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Four ibexes die in suspected poisoning in southern Israel

Dead animals found in Mitzpe Ramon, in blow to endangered population of around 1,500; nature authorities to perform autopsies

Sue Surkes is The Times of Israel's environment reporter.

One of the dead ibexes found in the southern town of Mitzpe Ramon on June 11, 2022, in a suspected poisoning incident.  (Yedidia Shmuel, Israel Nature and Parks Authority)
One of the dead ibexes found in the southern town of Mitzpe Ramon on June 11, 2022, in a suspected poisoning incident. (Yedidia Shmuel, Israel Nature and Parks Authority)

Three Nubian ibexes were found dead on Saturday in the southern desert town of Mitzpe Ramon, with a fourth, in serious condition, dying later, in what nature authorities suspect as poisoning.

The wild goats, endemic to the desert mountain chains of Jordan and Israel, are considered an endangered species, with fewer than 1,500 individuals estimated to remain in the wild.

Residents of Ein Akev Street reported the presence of the animals in a WhatsApp group.

Israel Nature and Parks Authority rangers scoured the area, but found no initial evidence of poison.

INPA vet Roni King said the animals’ bodies were taken for autopsy to determine the cause of death.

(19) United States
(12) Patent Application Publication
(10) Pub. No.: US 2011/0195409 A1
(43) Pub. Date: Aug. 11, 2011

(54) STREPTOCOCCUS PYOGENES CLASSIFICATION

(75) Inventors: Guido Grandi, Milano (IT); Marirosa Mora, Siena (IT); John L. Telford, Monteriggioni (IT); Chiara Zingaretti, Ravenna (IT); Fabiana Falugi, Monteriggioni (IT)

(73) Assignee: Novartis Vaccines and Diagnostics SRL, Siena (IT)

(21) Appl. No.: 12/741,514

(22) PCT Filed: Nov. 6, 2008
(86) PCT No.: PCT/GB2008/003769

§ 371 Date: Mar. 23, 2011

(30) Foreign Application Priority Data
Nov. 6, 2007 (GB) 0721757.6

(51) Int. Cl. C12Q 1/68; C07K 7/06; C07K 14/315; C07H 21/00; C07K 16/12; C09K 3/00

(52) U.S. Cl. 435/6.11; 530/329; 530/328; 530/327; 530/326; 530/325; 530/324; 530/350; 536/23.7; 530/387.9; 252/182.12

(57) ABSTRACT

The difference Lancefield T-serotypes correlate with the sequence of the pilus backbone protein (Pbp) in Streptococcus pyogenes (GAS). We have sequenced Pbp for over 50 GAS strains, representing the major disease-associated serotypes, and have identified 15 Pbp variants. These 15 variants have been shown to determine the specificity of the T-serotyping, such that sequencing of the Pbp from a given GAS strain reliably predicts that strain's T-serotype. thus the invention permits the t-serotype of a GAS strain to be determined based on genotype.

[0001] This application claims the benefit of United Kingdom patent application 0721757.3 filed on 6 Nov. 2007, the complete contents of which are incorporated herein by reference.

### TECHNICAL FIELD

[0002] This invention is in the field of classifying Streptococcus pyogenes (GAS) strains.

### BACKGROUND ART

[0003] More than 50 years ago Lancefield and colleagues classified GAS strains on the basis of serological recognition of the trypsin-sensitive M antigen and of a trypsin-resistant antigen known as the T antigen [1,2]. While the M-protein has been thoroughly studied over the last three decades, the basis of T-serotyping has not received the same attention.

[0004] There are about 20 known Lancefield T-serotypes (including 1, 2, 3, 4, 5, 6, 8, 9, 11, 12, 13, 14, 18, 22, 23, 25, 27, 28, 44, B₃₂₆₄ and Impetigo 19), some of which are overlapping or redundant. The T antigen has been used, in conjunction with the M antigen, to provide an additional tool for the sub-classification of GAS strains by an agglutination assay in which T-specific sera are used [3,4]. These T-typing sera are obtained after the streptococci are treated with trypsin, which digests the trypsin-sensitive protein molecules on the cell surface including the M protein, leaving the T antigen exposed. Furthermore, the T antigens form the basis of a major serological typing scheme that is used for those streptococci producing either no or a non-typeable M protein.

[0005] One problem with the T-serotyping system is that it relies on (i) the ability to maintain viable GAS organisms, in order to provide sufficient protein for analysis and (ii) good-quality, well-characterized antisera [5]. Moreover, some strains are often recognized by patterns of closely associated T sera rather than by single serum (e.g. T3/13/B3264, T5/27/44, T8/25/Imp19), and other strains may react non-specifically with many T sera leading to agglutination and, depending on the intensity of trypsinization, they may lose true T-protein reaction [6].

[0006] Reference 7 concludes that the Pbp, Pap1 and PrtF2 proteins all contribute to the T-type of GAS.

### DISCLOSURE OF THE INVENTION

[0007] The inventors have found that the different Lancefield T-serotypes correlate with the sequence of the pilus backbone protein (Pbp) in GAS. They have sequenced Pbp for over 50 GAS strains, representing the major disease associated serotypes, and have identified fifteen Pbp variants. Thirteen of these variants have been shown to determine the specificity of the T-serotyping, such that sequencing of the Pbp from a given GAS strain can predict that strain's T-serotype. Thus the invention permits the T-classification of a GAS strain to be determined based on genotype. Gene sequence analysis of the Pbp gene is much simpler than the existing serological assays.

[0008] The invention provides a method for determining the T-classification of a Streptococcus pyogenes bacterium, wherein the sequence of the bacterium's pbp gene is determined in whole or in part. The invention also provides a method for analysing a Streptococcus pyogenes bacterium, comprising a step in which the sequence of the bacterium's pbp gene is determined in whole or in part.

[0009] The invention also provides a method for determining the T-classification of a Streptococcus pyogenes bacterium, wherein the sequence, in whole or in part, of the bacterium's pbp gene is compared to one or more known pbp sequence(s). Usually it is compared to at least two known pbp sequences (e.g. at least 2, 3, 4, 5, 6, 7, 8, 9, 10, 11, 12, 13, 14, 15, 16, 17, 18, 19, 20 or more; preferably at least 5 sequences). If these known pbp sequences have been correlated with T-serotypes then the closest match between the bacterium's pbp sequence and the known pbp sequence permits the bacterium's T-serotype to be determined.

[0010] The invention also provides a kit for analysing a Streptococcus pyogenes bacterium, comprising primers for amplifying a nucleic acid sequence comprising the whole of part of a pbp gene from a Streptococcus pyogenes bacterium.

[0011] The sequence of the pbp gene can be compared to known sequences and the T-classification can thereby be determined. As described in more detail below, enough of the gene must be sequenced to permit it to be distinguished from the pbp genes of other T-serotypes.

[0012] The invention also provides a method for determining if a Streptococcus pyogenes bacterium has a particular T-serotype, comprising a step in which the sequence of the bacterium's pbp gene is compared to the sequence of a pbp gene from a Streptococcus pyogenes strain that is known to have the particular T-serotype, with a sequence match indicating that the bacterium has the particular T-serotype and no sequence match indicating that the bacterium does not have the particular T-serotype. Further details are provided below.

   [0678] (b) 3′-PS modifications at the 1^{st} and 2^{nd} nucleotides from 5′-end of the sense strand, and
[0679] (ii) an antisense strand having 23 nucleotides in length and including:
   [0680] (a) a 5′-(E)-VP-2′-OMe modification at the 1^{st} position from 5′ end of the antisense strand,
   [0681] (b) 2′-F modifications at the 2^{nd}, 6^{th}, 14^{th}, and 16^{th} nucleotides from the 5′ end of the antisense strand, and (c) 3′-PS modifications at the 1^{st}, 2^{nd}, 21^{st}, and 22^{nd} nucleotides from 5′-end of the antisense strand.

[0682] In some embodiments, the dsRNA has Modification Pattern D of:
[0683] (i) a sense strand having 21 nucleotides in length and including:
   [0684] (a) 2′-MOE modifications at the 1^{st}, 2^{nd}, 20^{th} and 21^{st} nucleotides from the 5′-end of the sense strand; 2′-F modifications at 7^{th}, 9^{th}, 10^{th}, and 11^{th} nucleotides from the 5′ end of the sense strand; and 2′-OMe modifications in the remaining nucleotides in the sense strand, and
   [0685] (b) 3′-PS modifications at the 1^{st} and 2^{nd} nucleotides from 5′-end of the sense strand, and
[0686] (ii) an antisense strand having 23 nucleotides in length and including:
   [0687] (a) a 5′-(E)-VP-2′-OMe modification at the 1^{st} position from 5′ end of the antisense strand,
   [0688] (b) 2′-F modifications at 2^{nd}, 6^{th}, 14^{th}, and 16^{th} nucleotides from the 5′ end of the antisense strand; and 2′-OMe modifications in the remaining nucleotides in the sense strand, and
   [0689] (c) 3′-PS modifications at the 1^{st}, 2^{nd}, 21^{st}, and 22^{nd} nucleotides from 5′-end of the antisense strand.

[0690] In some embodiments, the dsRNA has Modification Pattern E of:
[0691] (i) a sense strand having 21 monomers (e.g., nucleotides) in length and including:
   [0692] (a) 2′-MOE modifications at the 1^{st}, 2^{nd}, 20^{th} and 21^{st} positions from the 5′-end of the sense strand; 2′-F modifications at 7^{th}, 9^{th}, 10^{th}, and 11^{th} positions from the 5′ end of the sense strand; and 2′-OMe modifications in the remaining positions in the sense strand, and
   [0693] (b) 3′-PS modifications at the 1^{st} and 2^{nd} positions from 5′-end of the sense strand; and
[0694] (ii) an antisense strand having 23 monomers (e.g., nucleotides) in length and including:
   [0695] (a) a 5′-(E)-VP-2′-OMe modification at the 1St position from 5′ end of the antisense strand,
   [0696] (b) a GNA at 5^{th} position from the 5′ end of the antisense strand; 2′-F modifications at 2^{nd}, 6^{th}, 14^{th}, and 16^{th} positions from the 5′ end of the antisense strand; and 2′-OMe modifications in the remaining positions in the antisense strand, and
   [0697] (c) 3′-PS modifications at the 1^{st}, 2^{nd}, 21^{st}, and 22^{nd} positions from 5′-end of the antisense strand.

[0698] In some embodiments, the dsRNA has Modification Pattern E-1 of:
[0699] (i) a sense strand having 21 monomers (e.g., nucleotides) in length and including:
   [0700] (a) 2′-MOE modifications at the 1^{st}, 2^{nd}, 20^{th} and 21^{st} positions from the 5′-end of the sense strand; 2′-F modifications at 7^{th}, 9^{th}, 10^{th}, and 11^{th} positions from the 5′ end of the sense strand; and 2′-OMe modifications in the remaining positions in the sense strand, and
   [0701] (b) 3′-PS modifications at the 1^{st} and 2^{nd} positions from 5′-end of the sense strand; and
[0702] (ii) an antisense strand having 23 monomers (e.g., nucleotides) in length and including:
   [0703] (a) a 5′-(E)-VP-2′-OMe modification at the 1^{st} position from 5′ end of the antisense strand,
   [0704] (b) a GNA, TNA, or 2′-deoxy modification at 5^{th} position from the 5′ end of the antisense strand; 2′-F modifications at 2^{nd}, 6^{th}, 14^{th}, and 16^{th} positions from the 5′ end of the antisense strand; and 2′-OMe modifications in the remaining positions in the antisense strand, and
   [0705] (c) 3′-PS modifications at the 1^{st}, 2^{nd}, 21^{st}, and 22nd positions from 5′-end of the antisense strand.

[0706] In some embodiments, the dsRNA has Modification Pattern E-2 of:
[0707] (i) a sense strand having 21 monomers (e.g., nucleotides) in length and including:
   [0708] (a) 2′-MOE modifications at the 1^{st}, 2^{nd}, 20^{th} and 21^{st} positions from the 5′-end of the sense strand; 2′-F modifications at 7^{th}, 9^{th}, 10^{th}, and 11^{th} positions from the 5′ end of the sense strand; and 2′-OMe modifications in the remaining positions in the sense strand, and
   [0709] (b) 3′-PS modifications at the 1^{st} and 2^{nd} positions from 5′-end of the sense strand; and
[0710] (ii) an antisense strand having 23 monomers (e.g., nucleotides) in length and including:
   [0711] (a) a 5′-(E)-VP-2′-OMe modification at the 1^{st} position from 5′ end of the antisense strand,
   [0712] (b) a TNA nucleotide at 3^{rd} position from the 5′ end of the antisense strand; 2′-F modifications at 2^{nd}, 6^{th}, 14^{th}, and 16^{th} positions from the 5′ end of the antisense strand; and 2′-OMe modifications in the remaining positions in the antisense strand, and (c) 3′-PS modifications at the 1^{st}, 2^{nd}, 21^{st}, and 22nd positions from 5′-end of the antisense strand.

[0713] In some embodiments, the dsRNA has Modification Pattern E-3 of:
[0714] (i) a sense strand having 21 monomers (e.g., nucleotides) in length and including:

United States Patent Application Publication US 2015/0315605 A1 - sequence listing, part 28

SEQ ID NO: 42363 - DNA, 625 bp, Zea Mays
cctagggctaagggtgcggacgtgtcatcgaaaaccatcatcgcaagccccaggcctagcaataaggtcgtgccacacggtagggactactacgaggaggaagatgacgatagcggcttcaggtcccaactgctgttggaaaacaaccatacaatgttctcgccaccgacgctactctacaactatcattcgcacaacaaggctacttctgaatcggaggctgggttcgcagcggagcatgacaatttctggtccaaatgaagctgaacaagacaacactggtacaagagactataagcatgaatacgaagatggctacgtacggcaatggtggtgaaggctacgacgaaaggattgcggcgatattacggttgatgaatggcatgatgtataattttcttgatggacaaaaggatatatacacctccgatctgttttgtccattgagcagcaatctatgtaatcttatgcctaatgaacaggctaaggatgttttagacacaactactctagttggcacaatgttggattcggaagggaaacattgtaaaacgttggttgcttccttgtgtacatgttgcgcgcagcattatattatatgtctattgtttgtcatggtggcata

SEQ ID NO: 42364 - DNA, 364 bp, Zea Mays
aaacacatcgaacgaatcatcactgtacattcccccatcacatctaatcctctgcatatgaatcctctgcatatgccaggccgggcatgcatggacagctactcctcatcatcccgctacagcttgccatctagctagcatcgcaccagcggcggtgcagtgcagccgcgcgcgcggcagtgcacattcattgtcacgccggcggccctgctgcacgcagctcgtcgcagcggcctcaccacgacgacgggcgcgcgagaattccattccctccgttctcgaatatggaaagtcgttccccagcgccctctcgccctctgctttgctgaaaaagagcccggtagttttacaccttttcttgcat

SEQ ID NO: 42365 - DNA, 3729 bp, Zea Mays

“The assumption at this stage is poisoning from an unknown source,” he said.

Last year, 12 poisoned griffon vultures were found in the Judean Desert, in a blow to a national population of only around 200.

A dead ibex found on July 15, 2017, following the collapse of an evaporation pond wall that released toxic waste water into the Ashalim stream in southern Israel. (Israel Nature and Parks Authority)

An amendment to the Wildlife Act proposed by Meretz lawmaker Mossi Raz to make it easier to catch and prosecute the perpetrators of such poisonings passed its first reading in the Knesset last year but has not progressed since then.

Five years ago, eight out of a group of 26 ibexes living further north in Israel, in the Judean Desert, were killed when tons of acidic slurry poured into the Ashalim stream near the Dead Sea

A collapse in the wall of a holding pool for phosphate — the waste product from making fertilizer — sent some 100,000 cubic meters of acidic water and other pollutants rushing through a popular hiking route.

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